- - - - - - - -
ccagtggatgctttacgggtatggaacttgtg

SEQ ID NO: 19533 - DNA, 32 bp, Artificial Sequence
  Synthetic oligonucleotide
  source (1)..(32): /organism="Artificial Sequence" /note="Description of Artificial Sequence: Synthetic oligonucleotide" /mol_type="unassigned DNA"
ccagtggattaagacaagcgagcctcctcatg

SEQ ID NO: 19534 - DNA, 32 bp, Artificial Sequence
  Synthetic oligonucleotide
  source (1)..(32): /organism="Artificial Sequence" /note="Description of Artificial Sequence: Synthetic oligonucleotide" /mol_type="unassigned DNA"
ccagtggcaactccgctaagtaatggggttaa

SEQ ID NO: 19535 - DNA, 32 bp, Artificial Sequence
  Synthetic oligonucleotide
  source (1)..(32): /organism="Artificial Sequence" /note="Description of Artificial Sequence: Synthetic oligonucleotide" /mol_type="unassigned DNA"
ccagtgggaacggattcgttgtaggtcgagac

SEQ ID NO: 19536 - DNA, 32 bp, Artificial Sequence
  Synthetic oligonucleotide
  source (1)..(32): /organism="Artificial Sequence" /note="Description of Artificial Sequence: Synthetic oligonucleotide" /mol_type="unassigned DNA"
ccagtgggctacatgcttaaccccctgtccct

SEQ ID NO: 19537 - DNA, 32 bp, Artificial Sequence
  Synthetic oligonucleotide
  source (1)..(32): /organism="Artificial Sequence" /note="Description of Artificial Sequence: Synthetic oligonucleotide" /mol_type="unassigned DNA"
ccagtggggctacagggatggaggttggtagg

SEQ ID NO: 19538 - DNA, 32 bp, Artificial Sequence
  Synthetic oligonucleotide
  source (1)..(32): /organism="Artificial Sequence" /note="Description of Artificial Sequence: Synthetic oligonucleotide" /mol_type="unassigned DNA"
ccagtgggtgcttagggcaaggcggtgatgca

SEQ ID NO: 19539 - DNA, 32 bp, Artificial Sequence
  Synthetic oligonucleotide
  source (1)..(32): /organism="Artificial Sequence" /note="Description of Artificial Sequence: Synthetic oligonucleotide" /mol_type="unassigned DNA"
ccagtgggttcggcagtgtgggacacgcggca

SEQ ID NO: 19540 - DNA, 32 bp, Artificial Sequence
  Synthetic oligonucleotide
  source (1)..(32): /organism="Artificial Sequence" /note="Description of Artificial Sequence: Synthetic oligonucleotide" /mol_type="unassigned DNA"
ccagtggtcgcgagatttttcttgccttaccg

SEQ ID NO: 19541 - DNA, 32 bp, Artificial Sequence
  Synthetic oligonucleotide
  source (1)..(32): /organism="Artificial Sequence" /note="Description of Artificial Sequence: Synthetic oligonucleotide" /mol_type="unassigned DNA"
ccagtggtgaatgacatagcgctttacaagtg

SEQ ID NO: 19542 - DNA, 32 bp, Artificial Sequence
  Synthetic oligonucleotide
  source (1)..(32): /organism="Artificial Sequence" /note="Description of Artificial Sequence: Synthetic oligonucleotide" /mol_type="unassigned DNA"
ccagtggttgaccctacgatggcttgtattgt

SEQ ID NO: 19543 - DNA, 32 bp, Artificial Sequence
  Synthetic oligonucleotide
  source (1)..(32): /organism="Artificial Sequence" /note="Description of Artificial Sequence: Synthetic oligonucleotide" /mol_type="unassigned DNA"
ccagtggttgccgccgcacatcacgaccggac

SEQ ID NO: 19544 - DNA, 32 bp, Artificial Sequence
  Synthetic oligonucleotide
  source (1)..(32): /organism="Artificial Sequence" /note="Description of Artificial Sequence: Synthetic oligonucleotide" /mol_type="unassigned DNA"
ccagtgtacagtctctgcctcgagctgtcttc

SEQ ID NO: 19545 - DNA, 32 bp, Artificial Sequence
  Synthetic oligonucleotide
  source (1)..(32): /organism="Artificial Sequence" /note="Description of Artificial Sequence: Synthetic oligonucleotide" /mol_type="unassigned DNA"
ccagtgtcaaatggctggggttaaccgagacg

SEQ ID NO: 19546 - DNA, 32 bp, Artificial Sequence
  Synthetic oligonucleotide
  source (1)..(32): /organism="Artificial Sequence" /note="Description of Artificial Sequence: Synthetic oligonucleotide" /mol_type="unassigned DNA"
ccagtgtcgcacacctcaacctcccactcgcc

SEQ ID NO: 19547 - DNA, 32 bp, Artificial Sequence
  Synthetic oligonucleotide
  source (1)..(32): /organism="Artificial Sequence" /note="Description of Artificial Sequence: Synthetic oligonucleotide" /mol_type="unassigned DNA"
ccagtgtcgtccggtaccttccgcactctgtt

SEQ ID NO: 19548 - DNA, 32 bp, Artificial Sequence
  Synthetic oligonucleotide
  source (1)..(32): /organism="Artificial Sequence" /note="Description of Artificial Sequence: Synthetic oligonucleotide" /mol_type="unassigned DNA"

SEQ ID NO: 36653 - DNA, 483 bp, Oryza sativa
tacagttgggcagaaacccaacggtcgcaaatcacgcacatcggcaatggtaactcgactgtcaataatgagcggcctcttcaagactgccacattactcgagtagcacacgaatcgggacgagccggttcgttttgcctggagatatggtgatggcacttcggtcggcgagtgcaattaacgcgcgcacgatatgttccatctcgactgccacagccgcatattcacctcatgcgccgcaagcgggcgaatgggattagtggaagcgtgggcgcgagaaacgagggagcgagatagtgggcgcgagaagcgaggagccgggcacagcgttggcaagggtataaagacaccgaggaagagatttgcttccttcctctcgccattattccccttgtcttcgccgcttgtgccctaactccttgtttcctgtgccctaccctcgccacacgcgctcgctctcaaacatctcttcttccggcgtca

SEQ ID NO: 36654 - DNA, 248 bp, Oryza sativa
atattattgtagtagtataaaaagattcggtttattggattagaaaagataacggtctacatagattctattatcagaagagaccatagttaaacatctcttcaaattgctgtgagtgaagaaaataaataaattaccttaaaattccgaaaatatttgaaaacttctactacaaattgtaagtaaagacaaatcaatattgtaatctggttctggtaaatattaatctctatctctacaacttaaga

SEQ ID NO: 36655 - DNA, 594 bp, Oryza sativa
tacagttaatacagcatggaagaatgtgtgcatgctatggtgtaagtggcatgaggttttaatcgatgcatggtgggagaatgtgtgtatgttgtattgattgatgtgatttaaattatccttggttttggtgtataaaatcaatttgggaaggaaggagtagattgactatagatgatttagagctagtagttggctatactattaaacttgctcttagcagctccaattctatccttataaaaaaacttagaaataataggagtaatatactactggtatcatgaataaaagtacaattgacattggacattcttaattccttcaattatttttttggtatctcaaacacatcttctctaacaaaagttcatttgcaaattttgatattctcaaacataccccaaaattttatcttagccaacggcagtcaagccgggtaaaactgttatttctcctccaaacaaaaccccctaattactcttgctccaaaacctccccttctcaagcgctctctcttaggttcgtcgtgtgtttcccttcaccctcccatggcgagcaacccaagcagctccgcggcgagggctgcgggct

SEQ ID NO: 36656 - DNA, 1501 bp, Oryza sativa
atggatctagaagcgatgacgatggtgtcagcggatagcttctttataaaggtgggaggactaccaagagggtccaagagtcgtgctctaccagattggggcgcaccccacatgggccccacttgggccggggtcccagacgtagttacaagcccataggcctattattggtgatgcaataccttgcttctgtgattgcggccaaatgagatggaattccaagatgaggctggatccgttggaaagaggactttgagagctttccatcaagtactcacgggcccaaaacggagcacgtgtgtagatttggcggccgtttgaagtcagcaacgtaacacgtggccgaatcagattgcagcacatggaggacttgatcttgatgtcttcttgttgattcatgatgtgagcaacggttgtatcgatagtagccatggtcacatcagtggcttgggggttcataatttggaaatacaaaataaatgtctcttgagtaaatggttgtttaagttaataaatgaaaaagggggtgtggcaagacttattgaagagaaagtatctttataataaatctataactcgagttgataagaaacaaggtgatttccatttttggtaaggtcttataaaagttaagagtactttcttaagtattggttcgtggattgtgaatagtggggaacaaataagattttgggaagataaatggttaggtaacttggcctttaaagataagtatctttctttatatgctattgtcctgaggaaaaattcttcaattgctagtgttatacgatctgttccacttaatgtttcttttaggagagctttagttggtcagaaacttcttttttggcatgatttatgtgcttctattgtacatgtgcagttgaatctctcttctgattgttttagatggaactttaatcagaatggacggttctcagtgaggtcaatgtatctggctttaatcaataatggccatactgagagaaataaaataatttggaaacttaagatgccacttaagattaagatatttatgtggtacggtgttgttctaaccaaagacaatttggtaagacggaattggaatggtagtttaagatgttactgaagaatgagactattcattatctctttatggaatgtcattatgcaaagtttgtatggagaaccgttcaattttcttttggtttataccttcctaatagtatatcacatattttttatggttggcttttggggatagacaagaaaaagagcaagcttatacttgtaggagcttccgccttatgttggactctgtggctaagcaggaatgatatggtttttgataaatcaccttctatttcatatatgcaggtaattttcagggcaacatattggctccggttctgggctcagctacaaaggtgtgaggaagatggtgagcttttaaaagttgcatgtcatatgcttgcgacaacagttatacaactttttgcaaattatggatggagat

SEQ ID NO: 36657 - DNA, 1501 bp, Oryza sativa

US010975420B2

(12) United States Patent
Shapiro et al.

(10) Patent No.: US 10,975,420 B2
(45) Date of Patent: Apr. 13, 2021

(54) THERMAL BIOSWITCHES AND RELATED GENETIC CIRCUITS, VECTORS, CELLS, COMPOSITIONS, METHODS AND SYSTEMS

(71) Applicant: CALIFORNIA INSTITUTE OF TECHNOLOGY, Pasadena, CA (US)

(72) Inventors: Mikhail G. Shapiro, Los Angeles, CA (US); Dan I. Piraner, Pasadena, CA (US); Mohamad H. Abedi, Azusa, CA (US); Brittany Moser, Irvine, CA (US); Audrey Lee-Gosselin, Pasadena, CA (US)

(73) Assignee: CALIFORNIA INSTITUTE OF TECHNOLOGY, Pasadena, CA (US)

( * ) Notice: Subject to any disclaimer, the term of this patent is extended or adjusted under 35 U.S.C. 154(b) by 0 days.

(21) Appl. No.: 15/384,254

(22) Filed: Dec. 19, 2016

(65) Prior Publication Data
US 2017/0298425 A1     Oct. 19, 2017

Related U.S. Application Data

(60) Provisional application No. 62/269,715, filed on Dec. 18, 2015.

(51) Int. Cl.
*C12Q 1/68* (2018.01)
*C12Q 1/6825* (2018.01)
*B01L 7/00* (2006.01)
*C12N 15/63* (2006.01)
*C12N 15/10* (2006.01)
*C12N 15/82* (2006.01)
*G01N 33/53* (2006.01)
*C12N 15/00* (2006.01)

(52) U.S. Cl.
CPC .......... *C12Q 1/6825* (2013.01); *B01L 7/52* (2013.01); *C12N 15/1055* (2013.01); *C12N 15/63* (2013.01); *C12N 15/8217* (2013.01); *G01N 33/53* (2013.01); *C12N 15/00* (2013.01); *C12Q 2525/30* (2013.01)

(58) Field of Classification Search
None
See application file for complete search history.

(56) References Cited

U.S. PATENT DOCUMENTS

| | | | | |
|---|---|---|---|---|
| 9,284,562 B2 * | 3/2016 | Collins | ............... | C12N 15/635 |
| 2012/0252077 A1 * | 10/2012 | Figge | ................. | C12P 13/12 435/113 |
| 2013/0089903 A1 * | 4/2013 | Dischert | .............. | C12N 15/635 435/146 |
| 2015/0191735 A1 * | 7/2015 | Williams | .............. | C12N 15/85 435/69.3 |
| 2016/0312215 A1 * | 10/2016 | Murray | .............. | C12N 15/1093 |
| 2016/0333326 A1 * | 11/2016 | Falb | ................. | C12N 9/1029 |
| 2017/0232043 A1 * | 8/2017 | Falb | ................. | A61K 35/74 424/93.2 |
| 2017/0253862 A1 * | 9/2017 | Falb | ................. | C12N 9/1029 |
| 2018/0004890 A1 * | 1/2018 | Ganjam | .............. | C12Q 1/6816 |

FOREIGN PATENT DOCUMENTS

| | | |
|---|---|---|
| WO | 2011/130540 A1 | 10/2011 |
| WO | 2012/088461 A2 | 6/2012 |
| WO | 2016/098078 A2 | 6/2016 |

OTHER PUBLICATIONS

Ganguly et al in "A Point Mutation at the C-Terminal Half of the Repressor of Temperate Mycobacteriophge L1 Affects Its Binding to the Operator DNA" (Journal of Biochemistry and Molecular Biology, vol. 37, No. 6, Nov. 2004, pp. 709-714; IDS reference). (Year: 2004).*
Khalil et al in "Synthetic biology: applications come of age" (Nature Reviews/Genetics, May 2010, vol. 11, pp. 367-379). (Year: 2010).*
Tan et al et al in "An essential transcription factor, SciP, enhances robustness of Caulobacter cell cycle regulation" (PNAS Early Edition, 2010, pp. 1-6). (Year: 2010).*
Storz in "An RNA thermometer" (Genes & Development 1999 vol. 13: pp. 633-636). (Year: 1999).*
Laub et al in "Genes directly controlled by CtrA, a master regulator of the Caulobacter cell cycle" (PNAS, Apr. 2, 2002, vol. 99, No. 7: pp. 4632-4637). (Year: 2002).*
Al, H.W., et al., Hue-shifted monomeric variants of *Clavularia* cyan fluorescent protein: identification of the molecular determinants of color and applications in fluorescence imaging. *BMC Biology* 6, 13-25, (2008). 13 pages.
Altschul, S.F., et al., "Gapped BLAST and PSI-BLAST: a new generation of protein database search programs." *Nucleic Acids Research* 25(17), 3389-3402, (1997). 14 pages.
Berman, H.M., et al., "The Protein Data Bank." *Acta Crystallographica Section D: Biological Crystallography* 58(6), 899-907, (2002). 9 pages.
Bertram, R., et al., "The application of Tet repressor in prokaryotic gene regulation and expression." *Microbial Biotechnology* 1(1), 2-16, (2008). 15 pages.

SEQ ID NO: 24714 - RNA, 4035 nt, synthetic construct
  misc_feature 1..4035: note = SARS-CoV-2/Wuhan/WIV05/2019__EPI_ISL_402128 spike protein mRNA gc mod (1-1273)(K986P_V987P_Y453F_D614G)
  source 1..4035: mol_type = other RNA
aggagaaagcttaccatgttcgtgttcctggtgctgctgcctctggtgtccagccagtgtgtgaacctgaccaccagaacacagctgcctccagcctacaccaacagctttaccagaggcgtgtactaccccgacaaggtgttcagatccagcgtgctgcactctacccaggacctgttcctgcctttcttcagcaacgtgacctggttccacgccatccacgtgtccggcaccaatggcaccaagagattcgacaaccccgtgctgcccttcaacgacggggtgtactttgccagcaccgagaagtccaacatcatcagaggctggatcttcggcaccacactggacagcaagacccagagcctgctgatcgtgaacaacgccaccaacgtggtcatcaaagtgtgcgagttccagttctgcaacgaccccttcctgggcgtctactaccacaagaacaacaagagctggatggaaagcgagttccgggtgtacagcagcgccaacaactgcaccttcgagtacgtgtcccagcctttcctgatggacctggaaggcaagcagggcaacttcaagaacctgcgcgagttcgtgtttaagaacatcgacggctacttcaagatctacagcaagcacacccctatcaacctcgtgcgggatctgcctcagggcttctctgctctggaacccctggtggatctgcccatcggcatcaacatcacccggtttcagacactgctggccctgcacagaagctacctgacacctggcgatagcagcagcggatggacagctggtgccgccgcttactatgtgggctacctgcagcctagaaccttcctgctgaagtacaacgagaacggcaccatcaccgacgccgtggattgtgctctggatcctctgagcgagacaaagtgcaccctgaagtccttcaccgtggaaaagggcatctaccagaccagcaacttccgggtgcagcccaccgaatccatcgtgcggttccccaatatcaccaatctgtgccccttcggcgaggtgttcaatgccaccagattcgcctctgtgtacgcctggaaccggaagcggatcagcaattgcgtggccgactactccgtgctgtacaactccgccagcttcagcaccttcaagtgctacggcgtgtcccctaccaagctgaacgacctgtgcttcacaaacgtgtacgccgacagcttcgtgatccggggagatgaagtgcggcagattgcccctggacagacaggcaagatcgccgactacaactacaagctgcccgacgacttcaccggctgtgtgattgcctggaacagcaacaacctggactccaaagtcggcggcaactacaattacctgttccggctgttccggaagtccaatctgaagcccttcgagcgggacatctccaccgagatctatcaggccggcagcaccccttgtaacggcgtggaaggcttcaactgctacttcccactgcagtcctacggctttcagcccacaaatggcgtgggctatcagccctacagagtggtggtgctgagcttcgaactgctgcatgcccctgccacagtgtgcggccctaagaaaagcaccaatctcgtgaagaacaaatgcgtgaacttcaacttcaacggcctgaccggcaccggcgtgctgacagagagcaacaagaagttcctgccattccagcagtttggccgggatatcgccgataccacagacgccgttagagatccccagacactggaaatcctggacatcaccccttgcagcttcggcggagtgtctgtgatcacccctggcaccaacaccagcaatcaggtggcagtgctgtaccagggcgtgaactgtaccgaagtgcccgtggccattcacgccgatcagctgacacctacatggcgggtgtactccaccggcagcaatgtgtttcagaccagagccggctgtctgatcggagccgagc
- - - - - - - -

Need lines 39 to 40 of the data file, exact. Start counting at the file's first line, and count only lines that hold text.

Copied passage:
  Synthetic oligonucleotide
  source (1)..(32): /organism="Artificial Sequence" /note="Description of Artificial Sequence: Synthetic oligonucleotide" /mol_type="unassigned DNA"